The organism that causes Johne’s disease is called Mycobacterium avium subspecies paratuberculosis (Mptb). It is in the same family of bacteria as the ones that cause tuberculosis and leprosy. It causes disease in ruminants – cattle, sheep, goats etc.
When a ruminant ingests the bacterium it can lead to infection of the gut. The disease can take a few years to develop in susceptible animals and can eventually cause weight loss and death of the animal.
Infected animals can look healthy for many years and it is these animals that ‘silently’ carry disease that are the most problematic. These animals can shed the bug in their faeces from time to time and spread the disease to the rest of the herd or flock.
The ultimate test for diagnosing Johne’s disease requires culture of intestinal tissues. Unfortunately this is not a practical test. There are two main types of tests for detecting Johne’s disease. Those that detect the bug and those that detect the response of the animal to exposure to the bug.
Tests that detect the bug mainly use faecal samples. Culture methods detect viable bugs but these tests take 8-12 weeks as Mptb grows very slowly. The new HTJ test developed by our group detects the DNA of the bug. This test only takes days.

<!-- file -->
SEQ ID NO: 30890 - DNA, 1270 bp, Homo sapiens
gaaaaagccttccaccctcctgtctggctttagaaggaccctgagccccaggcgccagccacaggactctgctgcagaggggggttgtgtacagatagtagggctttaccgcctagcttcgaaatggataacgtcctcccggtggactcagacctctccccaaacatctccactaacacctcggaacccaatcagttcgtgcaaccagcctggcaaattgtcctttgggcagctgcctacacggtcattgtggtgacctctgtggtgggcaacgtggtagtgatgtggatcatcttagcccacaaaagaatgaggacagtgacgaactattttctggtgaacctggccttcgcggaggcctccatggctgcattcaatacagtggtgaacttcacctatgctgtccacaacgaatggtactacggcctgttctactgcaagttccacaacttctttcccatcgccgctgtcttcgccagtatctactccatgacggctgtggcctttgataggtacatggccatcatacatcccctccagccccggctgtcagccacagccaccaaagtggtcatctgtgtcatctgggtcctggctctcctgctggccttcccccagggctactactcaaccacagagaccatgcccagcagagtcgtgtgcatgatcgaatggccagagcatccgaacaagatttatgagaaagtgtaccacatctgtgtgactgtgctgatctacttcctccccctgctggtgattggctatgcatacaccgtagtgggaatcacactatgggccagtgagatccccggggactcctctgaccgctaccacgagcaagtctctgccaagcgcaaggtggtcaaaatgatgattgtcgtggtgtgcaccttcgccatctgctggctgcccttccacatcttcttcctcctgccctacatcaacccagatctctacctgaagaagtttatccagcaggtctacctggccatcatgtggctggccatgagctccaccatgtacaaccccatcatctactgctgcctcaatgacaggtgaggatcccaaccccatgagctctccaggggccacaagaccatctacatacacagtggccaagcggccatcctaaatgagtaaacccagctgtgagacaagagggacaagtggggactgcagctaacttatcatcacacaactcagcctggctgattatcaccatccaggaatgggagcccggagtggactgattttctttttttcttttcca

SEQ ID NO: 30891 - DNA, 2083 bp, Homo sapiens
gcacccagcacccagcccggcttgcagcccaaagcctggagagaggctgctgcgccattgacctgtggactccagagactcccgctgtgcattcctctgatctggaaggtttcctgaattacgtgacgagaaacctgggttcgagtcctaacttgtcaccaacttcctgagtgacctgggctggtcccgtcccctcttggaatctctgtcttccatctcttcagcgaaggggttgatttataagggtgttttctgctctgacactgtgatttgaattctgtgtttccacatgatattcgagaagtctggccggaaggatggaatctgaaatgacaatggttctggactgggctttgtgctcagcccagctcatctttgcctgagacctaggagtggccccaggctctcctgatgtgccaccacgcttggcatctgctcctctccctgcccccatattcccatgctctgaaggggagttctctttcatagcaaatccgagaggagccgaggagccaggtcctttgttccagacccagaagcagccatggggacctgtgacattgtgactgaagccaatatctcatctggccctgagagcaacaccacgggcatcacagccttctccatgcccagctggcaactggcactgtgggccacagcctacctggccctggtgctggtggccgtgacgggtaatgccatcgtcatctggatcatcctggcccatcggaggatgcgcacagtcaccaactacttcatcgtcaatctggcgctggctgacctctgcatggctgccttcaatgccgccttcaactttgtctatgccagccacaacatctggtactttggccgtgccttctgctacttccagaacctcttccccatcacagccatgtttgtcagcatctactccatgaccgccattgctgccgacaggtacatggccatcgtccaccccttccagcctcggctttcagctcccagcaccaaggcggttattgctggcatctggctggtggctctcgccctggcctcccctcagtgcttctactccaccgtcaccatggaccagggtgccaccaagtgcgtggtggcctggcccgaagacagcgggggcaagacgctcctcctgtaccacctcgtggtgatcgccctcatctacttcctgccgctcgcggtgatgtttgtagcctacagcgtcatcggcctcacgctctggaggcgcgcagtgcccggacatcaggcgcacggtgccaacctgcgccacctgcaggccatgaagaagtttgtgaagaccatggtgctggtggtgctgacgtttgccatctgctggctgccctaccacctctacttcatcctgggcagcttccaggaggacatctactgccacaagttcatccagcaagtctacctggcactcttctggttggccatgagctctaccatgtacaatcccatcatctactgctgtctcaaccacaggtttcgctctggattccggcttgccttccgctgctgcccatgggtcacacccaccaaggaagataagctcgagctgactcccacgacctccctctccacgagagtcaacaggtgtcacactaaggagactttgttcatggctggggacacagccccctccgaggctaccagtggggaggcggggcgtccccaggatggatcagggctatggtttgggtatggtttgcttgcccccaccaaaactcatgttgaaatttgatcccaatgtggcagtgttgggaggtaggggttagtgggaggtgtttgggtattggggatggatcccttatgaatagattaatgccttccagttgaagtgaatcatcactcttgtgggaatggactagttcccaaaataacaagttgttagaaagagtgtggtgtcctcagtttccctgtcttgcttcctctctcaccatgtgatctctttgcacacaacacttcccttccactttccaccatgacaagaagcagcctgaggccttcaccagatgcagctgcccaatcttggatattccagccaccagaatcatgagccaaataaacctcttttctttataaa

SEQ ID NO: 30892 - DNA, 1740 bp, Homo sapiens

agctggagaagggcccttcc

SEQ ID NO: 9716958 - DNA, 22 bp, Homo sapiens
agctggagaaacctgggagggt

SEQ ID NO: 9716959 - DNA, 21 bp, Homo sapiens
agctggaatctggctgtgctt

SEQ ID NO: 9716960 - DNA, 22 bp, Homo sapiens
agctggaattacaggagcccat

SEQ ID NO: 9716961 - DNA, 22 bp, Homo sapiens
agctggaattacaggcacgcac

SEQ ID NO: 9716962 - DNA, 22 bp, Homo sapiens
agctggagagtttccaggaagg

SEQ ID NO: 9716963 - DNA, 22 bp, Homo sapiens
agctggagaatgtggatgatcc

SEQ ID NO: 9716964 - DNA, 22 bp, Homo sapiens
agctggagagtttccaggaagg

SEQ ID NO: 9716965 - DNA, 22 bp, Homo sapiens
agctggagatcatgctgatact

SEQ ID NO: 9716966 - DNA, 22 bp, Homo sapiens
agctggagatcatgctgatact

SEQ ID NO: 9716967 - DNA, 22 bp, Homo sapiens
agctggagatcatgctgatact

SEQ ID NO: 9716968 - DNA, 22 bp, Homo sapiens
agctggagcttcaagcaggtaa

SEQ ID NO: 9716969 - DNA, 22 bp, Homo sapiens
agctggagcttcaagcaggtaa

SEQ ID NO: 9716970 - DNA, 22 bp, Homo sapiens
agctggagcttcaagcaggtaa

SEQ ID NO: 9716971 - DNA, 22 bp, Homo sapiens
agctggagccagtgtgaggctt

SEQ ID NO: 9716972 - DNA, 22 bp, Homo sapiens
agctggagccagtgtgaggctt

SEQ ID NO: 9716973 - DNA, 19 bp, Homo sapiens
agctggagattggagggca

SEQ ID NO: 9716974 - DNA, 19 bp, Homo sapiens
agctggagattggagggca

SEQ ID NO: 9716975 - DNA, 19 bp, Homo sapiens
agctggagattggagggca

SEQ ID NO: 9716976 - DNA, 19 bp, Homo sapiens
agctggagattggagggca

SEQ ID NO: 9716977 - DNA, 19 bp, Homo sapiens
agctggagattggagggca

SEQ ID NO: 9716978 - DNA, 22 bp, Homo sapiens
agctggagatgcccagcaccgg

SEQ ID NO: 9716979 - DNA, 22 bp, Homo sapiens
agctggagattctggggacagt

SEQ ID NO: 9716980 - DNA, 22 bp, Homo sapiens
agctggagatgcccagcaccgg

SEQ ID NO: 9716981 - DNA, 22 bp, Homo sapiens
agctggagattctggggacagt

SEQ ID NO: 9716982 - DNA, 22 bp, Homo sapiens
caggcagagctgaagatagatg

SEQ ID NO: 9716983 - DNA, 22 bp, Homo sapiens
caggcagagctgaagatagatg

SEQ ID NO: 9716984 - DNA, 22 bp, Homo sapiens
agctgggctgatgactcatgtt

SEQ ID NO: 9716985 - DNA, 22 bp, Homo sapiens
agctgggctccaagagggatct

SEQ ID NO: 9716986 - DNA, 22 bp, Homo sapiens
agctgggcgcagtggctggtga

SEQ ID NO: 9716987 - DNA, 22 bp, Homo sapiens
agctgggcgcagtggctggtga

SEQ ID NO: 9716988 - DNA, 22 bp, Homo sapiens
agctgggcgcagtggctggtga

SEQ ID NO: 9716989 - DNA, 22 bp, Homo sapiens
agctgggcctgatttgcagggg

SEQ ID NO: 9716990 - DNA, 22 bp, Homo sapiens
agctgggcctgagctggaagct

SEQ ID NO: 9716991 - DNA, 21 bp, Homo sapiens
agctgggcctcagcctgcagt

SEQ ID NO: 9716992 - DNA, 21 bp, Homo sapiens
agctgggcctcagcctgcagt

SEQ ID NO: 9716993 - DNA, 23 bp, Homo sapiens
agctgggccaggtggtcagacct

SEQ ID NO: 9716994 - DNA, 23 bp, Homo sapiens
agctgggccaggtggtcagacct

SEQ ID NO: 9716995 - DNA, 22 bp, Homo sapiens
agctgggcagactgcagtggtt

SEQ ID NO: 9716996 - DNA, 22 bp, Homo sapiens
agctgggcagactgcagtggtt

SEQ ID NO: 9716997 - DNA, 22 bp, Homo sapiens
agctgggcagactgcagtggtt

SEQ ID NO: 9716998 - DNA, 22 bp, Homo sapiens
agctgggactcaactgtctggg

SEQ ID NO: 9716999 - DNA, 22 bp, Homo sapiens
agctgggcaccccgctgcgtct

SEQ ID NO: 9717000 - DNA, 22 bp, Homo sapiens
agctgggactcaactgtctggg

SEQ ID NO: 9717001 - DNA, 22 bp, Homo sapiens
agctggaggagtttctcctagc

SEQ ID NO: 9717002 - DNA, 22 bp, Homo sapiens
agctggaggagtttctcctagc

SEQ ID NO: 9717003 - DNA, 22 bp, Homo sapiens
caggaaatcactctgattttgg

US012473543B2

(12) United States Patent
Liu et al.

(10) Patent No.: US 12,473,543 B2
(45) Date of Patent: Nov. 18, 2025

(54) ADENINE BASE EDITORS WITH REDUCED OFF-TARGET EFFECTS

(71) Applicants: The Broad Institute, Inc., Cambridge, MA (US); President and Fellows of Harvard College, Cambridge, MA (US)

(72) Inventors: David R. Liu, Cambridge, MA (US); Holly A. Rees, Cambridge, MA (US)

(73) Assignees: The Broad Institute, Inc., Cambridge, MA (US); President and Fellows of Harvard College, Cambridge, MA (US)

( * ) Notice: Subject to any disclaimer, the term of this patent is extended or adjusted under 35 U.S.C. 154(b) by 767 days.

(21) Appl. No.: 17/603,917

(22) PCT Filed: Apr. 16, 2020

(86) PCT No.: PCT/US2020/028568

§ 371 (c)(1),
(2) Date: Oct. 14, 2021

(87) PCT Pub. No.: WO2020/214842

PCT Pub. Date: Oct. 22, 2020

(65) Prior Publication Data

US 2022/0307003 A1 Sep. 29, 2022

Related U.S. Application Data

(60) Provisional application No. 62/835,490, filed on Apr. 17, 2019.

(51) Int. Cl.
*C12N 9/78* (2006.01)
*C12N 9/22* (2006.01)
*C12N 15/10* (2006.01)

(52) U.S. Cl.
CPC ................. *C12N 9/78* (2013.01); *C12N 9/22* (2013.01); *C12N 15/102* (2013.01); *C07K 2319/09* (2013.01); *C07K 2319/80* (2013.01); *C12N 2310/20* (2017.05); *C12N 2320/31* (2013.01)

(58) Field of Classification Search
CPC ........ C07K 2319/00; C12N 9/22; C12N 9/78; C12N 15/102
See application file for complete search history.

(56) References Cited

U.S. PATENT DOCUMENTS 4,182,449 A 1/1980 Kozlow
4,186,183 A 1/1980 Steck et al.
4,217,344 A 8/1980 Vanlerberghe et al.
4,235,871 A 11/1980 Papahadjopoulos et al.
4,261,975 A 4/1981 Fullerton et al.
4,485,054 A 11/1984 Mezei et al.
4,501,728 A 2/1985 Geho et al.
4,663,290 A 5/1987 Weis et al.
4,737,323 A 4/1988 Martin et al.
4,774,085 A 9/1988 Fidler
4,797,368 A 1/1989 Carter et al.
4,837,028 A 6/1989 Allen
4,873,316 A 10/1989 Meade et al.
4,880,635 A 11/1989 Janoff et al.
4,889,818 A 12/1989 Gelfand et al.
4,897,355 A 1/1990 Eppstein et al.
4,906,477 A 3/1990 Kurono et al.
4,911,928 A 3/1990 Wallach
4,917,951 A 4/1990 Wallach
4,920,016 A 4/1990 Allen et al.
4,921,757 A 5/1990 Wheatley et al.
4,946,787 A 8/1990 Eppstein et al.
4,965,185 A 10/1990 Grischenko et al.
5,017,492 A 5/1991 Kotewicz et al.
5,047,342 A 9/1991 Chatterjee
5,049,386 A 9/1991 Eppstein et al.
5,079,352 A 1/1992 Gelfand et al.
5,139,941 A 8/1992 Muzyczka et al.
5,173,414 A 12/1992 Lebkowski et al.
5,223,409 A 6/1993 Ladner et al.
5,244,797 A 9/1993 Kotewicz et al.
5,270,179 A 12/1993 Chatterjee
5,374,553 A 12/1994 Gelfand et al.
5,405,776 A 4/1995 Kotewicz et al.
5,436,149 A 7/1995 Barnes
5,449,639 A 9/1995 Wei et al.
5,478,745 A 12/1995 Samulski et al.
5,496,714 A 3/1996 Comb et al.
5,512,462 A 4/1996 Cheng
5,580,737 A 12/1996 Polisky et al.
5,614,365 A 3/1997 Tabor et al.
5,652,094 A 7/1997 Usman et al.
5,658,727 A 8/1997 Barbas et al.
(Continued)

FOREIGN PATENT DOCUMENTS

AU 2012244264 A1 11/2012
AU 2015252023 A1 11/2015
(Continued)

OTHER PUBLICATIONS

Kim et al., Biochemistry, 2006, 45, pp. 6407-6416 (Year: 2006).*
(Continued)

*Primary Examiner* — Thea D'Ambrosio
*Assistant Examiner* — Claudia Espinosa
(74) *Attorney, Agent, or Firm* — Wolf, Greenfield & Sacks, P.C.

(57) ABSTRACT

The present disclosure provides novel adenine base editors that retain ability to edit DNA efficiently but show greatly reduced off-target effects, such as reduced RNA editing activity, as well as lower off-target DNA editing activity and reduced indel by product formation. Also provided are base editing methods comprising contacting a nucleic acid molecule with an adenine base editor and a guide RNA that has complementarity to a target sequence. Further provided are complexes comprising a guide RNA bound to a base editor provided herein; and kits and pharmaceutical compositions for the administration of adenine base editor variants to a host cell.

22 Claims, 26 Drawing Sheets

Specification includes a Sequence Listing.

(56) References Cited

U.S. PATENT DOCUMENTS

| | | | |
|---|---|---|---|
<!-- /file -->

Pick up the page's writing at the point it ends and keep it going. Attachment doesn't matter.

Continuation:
Blood samples can be used to detect an animal’s response to the bug in tests like the antibody ELISA test. In most animals antibodies take years to develop and are only detected in animals in the later stages of disease. In many cases these animals are already infectious, shedding the bug in their faeces.
On-farm management strategies can be
Vaccination is another strategy used in the control of Johne’s disease. In Australia, the Gudair vaccine (Zoetis, formerly Pfizer) is registered for use in sheep. This vaccine can reduce mortality due to Johne’s disease by up to 90%. However some animals can still become infectious despite vaccination. Therefore it is recommended that all sheep are vaccinated. The vaccine Silirum (Zoetis, formerly Pfizer) has recently been registered for use in cattle.